When I get back to writing, I want to explore this more.  I want to start cataloguing the recipes and techniques that are fast and easy, even for the time poor.  I’m sure others have already done this to some extent, so I’m just looking to add my voice here.  If you’re still reading this and know of good resources, add them to the comments, maybe they’ll help someone.

In the mean time, here’s to the bounty of August.  I don’t even have pictures this time around, but despite the polar vortex, tomatoes and corn and beans are in full swing right now.  It has been a great summer for eating, even if the Ohio peaches were destroyed this winter.  (And they are sorely missed right now).  I”m still trying to make homemade ice cream when I can.  My latest was the sweet corn and blackberry ice cream from Jeni’s Splendid Ice Cream at Home.  It was amazing.  I highly recommend that book.

Eat something fresh and local today, and if you can, help someone else to do the same.  Imagine if we all ate fresh food, how healthy we could all be.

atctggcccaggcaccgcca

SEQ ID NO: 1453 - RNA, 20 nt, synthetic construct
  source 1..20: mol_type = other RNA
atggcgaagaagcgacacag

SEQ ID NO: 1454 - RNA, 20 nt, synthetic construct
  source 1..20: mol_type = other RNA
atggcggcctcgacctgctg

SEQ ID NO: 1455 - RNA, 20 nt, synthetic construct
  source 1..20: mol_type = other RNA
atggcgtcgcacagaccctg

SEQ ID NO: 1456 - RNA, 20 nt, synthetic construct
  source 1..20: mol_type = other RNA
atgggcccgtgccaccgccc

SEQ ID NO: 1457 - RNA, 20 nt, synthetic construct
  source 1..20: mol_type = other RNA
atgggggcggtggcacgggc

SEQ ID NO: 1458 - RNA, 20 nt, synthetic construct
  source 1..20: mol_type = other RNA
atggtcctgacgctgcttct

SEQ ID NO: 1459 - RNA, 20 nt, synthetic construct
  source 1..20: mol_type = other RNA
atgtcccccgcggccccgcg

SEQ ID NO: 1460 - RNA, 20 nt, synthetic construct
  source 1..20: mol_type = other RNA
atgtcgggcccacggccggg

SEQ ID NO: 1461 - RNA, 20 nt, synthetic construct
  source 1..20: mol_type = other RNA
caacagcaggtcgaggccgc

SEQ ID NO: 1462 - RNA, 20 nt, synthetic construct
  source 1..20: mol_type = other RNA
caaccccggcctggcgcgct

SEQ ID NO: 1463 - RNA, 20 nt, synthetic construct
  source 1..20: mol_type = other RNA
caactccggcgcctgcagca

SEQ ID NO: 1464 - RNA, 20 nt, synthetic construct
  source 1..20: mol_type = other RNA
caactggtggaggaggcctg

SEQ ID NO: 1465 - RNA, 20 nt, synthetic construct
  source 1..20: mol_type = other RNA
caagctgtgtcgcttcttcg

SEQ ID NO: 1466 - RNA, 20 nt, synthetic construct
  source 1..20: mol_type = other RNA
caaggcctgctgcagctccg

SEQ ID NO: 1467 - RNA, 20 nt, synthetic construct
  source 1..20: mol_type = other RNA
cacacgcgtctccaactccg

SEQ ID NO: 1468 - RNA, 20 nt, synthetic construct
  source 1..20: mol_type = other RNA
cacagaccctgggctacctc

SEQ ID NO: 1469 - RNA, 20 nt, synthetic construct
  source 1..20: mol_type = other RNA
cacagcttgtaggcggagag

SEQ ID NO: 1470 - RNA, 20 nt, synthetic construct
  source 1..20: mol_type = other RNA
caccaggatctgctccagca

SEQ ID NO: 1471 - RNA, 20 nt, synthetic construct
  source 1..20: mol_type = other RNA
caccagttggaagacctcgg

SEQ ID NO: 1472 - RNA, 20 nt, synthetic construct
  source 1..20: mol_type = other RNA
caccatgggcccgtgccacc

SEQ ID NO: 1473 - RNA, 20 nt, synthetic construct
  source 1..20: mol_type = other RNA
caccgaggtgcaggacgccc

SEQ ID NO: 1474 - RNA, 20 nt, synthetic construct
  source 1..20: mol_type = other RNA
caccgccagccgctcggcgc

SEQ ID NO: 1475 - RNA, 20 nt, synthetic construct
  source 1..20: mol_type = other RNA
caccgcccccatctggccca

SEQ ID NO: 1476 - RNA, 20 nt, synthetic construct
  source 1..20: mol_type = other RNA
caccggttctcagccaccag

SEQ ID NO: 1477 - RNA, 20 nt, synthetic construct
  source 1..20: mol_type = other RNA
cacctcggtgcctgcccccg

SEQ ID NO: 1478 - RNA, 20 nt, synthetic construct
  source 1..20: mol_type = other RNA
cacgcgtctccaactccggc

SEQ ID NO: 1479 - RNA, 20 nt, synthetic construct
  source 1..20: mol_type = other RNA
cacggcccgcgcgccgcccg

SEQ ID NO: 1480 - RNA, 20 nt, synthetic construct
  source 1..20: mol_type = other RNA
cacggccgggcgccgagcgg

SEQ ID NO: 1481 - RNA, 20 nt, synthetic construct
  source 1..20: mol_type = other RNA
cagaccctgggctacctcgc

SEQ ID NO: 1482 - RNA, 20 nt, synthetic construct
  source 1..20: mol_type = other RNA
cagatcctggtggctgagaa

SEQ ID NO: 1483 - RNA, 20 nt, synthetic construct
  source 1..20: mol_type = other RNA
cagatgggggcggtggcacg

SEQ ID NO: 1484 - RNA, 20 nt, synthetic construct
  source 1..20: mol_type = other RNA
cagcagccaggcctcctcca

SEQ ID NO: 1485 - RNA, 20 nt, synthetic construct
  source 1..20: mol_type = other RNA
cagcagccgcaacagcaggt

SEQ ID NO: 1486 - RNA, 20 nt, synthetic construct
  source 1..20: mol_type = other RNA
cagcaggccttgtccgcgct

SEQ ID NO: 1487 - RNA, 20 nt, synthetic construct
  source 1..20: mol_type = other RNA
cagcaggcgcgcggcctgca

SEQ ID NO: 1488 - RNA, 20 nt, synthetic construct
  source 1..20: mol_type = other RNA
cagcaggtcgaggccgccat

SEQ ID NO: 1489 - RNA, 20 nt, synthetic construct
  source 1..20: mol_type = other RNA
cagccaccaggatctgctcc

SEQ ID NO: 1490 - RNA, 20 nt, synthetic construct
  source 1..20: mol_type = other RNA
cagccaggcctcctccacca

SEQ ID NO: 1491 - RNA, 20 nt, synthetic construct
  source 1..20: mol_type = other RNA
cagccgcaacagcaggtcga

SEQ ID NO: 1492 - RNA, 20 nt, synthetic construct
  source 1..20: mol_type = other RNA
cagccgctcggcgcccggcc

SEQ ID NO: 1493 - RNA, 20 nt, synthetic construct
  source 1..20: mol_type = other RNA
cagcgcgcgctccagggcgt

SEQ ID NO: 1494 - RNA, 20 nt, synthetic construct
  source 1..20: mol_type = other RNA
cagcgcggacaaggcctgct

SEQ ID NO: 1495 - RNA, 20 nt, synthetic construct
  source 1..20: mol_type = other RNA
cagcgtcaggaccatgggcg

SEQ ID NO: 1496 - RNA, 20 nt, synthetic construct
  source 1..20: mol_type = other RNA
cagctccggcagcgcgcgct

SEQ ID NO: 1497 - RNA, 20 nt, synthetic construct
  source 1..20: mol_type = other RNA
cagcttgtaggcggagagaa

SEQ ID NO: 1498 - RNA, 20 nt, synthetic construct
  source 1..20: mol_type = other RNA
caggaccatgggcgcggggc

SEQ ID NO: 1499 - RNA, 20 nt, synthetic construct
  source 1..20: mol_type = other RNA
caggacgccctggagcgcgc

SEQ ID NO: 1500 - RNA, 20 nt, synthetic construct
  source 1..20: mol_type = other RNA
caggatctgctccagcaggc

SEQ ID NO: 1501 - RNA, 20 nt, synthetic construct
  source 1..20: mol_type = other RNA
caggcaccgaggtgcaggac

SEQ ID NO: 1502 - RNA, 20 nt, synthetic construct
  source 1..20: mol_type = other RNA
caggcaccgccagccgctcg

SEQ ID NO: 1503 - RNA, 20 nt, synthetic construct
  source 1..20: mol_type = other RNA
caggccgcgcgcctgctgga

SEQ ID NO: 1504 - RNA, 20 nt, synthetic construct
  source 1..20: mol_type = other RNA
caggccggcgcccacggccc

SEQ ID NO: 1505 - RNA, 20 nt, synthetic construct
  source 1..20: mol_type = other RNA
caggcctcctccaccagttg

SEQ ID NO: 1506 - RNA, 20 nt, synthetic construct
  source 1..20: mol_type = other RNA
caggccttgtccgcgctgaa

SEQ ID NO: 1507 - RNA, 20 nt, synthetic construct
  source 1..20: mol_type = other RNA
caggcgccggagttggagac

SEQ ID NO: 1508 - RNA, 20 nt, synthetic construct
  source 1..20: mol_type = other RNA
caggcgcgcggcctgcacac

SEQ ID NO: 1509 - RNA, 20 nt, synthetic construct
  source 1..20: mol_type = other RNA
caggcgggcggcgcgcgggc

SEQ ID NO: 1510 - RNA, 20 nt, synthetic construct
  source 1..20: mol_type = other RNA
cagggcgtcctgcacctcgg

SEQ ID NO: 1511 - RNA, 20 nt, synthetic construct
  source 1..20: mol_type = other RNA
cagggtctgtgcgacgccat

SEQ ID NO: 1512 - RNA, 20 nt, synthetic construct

Peace,

April

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Pie, Pie, in July- and that’s no lie

The days have been busy here!  But, I have made a new discoveries lately in the pie and ice cream departments.  Both make me very happy!

First on deck was the great pie crust discovery.   Since going gluten-free we have struggled and struggled to find a good pie crust recipe.  I have one now.  It works like wheat flour crust, but it is gluten-free.  We’ve made several pies, and they all come out flaky and light, like real pie crust.  My grandma even liked it, and she makes the best pie crust in the world.

How did I do it?  The flour blend did it.  Otherwise I followed regular pie crust making protocol, like you might find in Elizabeth Gordon’s Allergy-Free Deserts, or even from Alton Brown’s method.  Honestly, I find the two of them to be quite similar, and in the end I blended the two sets of directions.  If I understand copyright correctly, I can give you my list of ingredients, which is different from either of the above sources.  To get the directions on what to do with the ingredients, follow the link or go get the book.  Either way, you’ll be happy- I promise.